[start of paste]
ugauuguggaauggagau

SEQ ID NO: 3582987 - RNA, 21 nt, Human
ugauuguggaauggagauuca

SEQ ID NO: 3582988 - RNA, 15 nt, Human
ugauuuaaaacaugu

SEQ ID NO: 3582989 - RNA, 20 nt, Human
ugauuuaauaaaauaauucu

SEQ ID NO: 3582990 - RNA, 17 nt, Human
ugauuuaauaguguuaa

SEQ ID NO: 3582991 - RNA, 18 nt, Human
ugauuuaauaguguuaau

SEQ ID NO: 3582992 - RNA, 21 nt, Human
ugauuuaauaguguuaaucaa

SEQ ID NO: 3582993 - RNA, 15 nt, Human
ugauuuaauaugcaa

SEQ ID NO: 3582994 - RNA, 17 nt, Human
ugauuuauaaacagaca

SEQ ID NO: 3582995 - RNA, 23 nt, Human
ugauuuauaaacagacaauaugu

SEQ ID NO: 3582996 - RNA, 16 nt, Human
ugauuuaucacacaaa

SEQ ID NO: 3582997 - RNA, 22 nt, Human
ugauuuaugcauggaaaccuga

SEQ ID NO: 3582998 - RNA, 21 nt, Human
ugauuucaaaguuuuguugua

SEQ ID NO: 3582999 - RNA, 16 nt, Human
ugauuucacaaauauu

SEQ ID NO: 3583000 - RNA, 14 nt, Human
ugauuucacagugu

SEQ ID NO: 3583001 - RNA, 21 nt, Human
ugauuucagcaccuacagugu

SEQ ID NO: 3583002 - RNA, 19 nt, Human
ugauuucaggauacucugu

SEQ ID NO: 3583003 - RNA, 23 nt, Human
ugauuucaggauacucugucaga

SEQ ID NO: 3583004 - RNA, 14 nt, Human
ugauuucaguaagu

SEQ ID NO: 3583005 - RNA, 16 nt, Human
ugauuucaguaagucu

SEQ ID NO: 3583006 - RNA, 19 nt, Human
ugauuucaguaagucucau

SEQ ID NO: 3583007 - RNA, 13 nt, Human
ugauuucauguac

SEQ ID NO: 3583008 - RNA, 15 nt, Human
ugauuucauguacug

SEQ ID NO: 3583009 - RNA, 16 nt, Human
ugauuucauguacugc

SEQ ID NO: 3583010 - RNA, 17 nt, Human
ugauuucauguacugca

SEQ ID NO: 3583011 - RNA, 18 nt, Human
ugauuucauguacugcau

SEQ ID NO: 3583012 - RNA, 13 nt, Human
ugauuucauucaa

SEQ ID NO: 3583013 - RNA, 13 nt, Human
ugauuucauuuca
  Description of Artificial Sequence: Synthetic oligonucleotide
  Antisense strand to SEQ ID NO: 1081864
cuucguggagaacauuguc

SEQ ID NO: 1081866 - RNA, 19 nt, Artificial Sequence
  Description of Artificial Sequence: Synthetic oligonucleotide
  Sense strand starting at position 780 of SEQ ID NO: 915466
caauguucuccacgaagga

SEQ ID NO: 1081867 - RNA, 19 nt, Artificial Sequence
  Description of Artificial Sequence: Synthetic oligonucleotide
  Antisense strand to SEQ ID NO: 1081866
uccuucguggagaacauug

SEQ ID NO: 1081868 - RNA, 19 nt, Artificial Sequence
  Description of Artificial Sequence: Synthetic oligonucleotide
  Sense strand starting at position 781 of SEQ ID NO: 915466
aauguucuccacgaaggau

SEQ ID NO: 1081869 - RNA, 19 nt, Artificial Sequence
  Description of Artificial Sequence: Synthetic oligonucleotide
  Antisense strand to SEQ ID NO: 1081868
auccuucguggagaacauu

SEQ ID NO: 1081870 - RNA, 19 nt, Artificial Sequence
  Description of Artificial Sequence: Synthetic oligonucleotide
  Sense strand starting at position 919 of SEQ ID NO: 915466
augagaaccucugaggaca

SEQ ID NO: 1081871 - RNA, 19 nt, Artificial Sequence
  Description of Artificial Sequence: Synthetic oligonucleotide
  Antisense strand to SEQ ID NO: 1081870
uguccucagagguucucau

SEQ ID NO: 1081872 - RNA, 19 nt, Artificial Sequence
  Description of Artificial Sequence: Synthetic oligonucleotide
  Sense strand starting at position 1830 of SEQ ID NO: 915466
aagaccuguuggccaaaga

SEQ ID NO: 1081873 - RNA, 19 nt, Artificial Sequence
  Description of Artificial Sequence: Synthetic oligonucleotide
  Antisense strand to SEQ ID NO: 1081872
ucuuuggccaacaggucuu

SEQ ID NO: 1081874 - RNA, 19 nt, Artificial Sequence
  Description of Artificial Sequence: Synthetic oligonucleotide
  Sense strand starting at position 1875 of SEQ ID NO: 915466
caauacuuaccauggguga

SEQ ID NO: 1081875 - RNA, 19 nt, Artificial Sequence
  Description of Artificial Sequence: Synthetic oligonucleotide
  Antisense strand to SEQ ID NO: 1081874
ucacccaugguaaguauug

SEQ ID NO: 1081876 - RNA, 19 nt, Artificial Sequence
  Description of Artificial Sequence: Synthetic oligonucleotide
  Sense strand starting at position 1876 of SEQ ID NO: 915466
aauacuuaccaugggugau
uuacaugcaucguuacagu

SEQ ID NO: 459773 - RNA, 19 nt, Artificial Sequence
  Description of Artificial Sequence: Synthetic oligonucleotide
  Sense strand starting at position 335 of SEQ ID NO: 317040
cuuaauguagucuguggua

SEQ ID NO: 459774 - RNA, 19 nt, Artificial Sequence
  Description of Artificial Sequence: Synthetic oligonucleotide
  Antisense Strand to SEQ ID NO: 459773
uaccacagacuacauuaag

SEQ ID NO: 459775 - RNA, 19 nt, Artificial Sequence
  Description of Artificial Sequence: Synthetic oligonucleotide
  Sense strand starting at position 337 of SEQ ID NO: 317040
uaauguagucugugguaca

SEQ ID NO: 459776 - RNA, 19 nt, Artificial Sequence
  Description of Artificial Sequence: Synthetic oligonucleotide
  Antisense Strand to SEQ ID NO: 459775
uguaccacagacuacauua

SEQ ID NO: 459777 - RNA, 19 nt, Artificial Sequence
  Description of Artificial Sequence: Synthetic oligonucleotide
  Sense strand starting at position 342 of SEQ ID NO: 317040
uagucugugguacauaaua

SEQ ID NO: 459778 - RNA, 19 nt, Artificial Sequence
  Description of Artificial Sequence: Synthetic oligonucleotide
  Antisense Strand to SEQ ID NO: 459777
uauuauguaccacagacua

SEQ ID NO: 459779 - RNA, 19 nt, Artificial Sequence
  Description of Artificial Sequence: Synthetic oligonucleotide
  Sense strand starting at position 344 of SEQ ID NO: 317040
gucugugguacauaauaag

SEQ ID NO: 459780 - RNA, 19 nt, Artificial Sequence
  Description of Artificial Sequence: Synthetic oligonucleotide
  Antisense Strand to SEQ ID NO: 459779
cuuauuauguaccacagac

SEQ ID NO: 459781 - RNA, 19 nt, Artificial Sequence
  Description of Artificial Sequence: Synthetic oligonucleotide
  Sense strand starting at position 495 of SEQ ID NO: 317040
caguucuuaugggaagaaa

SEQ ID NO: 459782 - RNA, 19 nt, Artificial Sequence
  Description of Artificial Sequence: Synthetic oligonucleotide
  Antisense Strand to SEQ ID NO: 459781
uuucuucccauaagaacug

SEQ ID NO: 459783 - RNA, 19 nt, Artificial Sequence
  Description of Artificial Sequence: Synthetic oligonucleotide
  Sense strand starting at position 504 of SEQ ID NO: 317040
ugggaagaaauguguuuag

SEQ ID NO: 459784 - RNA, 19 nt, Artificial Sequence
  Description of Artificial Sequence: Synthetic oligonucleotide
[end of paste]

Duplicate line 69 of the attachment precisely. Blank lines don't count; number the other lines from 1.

  Sense strand starting at position 781 of SEQ ID NO: 915466